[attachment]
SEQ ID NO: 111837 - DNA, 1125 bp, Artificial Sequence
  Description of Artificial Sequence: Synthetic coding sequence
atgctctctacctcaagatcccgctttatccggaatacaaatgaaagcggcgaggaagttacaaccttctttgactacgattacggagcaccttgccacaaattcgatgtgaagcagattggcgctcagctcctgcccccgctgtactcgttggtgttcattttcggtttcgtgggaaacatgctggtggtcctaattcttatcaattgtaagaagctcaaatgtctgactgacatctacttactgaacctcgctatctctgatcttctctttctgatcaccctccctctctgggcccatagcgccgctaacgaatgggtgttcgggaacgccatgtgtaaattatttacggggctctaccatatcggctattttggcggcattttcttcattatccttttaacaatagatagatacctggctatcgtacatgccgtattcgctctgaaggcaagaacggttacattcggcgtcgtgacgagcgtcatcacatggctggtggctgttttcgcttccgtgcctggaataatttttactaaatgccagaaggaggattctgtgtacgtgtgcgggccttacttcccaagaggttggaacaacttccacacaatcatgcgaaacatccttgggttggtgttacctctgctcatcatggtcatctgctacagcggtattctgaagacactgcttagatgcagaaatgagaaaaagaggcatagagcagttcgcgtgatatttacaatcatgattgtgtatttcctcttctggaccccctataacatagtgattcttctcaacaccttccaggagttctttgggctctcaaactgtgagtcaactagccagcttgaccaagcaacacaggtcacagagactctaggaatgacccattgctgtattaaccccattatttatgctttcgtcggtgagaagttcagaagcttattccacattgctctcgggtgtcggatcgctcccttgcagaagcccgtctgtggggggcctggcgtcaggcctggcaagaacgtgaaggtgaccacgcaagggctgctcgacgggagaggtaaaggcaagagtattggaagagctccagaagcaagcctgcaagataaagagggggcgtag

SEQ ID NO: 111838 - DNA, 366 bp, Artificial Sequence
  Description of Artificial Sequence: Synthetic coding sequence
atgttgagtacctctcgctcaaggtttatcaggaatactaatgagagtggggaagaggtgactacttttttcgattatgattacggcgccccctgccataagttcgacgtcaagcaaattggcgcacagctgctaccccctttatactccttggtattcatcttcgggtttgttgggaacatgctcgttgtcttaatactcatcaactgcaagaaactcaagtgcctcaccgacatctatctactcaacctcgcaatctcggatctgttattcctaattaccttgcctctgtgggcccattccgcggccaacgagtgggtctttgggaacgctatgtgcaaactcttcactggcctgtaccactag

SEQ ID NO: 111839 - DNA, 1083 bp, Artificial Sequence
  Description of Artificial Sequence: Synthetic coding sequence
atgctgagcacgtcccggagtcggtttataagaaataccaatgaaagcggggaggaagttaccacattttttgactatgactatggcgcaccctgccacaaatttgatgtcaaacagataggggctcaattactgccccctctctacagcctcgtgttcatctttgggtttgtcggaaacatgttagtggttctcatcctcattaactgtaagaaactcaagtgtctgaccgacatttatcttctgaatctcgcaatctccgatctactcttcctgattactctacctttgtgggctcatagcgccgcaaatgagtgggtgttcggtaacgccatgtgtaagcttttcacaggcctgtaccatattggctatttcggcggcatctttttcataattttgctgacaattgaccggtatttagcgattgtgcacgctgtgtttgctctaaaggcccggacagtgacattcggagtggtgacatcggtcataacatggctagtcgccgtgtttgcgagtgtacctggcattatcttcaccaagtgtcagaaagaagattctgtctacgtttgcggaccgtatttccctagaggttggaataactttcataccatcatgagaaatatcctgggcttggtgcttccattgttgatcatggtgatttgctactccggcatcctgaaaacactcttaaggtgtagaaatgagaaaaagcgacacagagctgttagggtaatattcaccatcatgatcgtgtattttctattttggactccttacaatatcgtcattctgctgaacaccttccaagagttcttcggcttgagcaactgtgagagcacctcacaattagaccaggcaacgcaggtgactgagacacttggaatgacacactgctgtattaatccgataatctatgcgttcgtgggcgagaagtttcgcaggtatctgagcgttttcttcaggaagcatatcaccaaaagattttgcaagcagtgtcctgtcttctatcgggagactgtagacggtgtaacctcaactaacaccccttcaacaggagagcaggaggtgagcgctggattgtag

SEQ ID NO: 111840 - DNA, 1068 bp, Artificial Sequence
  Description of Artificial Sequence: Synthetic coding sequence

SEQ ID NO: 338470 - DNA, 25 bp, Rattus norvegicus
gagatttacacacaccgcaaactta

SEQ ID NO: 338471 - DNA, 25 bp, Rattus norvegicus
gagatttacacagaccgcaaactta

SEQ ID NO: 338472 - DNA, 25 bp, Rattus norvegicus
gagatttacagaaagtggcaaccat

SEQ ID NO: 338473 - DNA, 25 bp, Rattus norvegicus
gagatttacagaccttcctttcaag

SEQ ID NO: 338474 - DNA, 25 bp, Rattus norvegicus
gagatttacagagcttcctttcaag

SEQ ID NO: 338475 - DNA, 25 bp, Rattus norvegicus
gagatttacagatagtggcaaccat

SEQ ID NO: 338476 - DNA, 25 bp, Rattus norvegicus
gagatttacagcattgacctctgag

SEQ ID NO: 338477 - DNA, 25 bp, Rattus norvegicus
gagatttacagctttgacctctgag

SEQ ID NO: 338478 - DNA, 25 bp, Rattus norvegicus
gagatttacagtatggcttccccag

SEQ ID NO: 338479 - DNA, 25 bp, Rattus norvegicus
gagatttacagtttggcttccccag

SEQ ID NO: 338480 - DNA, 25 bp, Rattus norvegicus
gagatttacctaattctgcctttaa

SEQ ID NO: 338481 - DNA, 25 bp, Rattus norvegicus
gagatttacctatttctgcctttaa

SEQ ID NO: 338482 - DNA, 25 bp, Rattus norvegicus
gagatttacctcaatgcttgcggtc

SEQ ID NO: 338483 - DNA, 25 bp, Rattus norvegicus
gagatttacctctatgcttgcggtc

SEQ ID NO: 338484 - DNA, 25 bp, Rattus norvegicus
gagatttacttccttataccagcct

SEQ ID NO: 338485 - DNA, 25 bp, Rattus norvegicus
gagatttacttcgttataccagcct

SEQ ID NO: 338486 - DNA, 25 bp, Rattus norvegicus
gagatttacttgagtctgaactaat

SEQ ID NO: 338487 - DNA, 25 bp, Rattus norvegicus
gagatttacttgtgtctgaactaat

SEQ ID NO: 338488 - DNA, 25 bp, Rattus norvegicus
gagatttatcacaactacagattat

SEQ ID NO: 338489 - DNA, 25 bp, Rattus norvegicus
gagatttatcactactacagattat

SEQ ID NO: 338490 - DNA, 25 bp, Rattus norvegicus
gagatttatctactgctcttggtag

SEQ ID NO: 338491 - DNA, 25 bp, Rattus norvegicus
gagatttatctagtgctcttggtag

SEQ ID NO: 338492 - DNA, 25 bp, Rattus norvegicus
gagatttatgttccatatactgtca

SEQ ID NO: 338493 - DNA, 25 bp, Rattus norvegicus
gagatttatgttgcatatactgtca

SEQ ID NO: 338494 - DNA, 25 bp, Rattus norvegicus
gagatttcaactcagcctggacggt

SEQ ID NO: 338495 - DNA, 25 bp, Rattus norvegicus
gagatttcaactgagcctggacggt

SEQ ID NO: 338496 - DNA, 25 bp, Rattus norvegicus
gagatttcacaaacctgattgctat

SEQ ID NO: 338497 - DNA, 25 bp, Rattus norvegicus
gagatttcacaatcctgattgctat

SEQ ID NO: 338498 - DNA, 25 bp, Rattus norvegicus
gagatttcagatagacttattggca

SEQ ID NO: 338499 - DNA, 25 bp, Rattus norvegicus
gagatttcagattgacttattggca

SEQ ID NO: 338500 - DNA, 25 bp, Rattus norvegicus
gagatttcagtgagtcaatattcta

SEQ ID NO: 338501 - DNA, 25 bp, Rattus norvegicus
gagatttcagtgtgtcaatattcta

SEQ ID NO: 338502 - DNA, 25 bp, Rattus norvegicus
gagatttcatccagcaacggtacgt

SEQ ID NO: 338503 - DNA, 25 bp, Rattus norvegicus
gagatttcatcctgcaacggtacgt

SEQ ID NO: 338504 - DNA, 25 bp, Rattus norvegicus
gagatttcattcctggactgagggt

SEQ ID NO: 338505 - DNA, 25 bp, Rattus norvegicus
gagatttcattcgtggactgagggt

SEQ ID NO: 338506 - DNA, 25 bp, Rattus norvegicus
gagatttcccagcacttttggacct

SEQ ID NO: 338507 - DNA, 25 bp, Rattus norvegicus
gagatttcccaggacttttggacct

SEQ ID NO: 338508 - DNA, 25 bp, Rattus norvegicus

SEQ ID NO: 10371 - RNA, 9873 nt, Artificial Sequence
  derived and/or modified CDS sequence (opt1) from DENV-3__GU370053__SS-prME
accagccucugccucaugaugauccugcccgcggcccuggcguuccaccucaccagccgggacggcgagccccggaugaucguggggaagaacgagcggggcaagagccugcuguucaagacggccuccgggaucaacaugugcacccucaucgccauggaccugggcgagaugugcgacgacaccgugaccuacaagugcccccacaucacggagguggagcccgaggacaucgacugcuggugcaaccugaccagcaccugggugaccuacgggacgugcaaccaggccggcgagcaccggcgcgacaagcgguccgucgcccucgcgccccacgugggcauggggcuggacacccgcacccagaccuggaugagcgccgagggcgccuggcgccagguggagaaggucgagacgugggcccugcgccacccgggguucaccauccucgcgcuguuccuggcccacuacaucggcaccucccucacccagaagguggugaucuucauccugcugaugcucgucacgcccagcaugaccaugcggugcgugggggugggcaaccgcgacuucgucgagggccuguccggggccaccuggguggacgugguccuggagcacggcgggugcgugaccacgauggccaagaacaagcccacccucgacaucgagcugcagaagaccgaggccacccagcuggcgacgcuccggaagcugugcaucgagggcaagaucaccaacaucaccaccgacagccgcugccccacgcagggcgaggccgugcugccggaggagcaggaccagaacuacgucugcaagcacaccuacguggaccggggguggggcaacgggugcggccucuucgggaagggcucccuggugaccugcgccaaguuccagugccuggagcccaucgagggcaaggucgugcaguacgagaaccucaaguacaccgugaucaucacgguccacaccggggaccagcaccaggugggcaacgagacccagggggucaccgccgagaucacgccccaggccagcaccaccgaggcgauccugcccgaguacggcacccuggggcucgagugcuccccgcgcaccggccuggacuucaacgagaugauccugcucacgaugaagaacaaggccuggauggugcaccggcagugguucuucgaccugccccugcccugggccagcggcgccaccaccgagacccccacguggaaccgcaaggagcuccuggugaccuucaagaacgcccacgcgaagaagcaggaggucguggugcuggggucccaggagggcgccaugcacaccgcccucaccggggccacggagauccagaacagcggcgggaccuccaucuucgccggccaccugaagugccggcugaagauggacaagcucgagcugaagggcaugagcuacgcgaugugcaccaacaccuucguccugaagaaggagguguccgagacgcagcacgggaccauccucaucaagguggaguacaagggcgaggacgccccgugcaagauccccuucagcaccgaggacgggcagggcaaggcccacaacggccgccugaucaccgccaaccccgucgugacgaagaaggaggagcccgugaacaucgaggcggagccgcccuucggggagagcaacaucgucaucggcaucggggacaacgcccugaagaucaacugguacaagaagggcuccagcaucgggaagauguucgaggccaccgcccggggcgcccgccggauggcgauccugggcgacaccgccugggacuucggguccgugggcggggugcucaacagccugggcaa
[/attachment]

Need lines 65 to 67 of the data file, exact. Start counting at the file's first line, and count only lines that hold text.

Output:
gagatttcacaaacctgattgctat

SEQ ID NO: 338497 - DNA, 25 bp, Rattus norvegicus
gagatttcacaatcctgattgctat